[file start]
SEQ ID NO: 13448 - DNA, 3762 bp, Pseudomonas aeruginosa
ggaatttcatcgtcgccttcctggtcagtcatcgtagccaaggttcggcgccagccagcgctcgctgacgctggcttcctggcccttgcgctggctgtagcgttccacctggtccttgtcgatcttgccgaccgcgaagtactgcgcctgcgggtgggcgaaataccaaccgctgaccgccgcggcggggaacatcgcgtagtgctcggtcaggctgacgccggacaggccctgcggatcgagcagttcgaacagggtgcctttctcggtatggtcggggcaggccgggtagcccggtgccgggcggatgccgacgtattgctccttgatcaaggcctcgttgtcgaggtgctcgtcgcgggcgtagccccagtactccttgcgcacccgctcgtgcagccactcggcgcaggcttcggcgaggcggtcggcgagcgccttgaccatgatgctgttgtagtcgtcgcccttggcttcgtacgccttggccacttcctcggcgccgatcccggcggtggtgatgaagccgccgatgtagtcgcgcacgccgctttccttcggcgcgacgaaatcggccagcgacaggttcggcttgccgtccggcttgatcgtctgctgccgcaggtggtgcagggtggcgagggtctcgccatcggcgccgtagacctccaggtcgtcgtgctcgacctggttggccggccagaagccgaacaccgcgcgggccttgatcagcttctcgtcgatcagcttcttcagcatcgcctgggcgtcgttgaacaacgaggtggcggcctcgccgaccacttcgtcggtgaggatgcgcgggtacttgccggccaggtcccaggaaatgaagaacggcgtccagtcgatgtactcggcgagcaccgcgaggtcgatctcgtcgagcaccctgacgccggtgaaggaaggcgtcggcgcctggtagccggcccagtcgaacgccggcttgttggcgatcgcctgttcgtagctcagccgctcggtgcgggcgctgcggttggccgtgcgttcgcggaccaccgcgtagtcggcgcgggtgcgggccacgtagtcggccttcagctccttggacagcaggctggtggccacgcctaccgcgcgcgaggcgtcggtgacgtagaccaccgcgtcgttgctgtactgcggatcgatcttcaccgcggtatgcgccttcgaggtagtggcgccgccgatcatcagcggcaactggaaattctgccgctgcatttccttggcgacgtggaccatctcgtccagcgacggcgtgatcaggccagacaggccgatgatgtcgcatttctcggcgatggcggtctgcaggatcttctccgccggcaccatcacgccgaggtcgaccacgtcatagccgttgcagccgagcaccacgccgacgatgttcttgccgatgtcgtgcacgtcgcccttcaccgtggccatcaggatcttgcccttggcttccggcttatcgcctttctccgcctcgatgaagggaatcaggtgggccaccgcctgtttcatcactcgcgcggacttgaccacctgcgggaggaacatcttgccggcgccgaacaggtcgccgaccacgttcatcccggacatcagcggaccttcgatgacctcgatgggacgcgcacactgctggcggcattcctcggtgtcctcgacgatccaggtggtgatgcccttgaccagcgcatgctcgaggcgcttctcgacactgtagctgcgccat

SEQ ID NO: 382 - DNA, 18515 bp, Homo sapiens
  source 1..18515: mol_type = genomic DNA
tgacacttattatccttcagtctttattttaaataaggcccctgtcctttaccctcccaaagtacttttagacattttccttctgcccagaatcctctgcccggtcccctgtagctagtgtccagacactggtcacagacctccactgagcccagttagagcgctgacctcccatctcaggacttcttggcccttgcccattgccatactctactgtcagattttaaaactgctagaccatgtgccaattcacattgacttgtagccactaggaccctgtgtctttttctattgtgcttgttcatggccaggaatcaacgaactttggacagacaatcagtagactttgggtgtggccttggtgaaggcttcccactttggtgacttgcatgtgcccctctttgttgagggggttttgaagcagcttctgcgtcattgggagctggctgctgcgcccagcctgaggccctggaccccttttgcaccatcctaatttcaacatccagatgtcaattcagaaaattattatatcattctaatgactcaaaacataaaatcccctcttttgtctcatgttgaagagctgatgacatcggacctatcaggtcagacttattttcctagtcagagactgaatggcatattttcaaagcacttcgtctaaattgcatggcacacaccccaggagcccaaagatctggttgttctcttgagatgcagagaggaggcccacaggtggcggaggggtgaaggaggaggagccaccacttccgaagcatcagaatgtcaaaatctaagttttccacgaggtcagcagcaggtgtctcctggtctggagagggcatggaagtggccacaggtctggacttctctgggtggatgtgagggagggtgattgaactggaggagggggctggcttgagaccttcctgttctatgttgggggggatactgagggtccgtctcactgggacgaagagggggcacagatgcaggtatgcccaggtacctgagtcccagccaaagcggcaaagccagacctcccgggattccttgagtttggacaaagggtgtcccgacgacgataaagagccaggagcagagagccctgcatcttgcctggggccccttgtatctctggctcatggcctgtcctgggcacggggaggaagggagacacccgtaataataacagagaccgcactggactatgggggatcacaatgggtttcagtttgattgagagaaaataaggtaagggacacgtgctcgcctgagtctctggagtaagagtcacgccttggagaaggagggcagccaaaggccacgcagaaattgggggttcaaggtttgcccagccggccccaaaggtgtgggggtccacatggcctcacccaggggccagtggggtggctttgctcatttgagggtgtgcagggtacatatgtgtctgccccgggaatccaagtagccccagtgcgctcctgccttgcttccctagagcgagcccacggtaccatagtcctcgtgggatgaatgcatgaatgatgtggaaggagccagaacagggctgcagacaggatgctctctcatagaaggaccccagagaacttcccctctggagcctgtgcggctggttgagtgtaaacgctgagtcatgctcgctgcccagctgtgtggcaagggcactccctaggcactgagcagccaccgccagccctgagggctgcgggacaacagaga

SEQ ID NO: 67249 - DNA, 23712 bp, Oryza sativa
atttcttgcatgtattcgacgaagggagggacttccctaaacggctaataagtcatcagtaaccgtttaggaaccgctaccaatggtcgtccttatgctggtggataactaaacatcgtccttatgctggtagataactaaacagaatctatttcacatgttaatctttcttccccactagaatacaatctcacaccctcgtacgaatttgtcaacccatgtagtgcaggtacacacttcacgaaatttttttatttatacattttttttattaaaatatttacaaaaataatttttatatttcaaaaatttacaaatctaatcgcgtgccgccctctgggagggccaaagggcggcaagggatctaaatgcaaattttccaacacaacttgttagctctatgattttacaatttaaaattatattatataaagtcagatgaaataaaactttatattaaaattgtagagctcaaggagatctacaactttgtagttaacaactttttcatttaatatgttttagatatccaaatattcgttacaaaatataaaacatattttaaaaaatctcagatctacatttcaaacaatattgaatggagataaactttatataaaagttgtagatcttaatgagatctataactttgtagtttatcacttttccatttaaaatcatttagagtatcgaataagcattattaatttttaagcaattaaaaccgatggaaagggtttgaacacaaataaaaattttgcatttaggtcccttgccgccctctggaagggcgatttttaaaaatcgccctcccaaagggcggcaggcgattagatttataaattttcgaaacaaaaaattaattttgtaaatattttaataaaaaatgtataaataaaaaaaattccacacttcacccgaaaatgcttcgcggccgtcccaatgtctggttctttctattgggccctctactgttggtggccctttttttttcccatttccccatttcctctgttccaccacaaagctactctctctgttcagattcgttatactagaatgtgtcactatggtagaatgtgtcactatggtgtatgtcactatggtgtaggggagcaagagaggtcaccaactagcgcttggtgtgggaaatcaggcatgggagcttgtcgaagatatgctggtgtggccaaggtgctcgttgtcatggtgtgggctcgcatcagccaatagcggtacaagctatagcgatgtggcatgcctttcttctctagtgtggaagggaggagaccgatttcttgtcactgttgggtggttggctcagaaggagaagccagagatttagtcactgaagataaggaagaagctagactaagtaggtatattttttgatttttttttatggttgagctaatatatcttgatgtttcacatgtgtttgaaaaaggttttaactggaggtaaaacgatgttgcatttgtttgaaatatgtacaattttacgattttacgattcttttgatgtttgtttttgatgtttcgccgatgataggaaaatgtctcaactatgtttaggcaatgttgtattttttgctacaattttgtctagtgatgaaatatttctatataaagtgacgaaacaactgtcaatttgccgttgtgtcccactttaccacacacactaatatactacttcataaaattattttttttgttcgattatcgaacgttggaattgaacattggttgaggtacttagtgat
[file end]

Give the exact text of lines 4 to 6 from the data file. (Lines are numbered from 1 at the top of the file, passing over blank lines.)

  source 1..18515: mol_type = genomic DNA
tgacacttattatccttcagtctttattttaaataaggcccctgtcctttaccctcccaaagtacttttagacattttccttctgcccagaatcctctgcccggtcccctgtagctagtgtccagacactggtcacagacctccactgagcccagttagagcgctgacctcccatctcaggacttcttggcccttgcccattgccatactctactgtcagattttaaaactgctagaccatgtgccaattcacattgacttgtagccactaggaccctgtgtctttttctattgtgcttgttcatggccaggaatcaacgaactttggacagacaatcagtagactttgggtgtggccttggtgaaggcttcccactttggtgacttgcatgtgcccctctttgttgagggggttttgaagcagcttctgcgtcattgggagctggctgctgcgcccagcctgaggccctggaccccttttgcaccatcctaatttcaacatccagatgtcaattcagaaaattattatatcattctaatgactcaaaacataaaatcccctcttttgtctcatgttgaagagctgatgacatcggacctatcaggtcagacttattttcctagtcagagactgaatggcatattttcaaagcacttcgtctaaattgcatggcacacaccccaggagcccaaagatctggttgttctcttgagatgcagagaggaggcccacaggtggcggaggggtgaaggaggaggagccaccacttccgaagcatcagaatgtcaaaatctaagttttccacgaggtcagcagcaggtgtctcctggtctggagagggcatggaagtggccacaggtctggacttctctgggtggatgtgagggagggtgattgaactggaggagggggctggcttgagaccttcctgttctatgttgggggggatactgagggtccgtctcactgggacgaagagggggcacagatgcaggtatgcccaggtacctgagtcccagccaaagcggcaaagccagacctcccgggattccttgagtttggacaaagggtgtcccgacgacgataaagagccaggagcagagagccctgcatcttgcctggggccccttgtatctctggctcatggcctgtcctgggcacggggaggaagggagacacccgtaataataacagagaccgcactggactatgggggatcacaatgggtttcagtttgattgagagaaaataaggtaagggacacgtgctcgcctgagtctctggagtaagagtcacgccttggagaaggagggcagccaaaggccacgcagaaattgggggttcaaggtttgcccagccggccccaaaggtgtgggggtccacatggcctcacccaggggccagtggggtggctttgctcatttgagggtgtgcagggtacatatgtgtctgccccgggaatccaagtagccccagtgcgctcctgccttgcttccctagagcgagcccacggtaccatagtcctcgtgggatgaatgcatgaatgatgtggaaggagccagaacagggctgcagacaggatgctctctcatagaaggaccccagagaacttcccctctggagcctgtgcggctggttgagtgtaaacgctgagtcatgctcgctgcccagctgtgtggcaagggcactccctaggcactgagcagccaccgccagccctgagggctgcgggacaacagaga

SEQ ID NO: 67249 - DNA, 23712 bp, Oryza sativa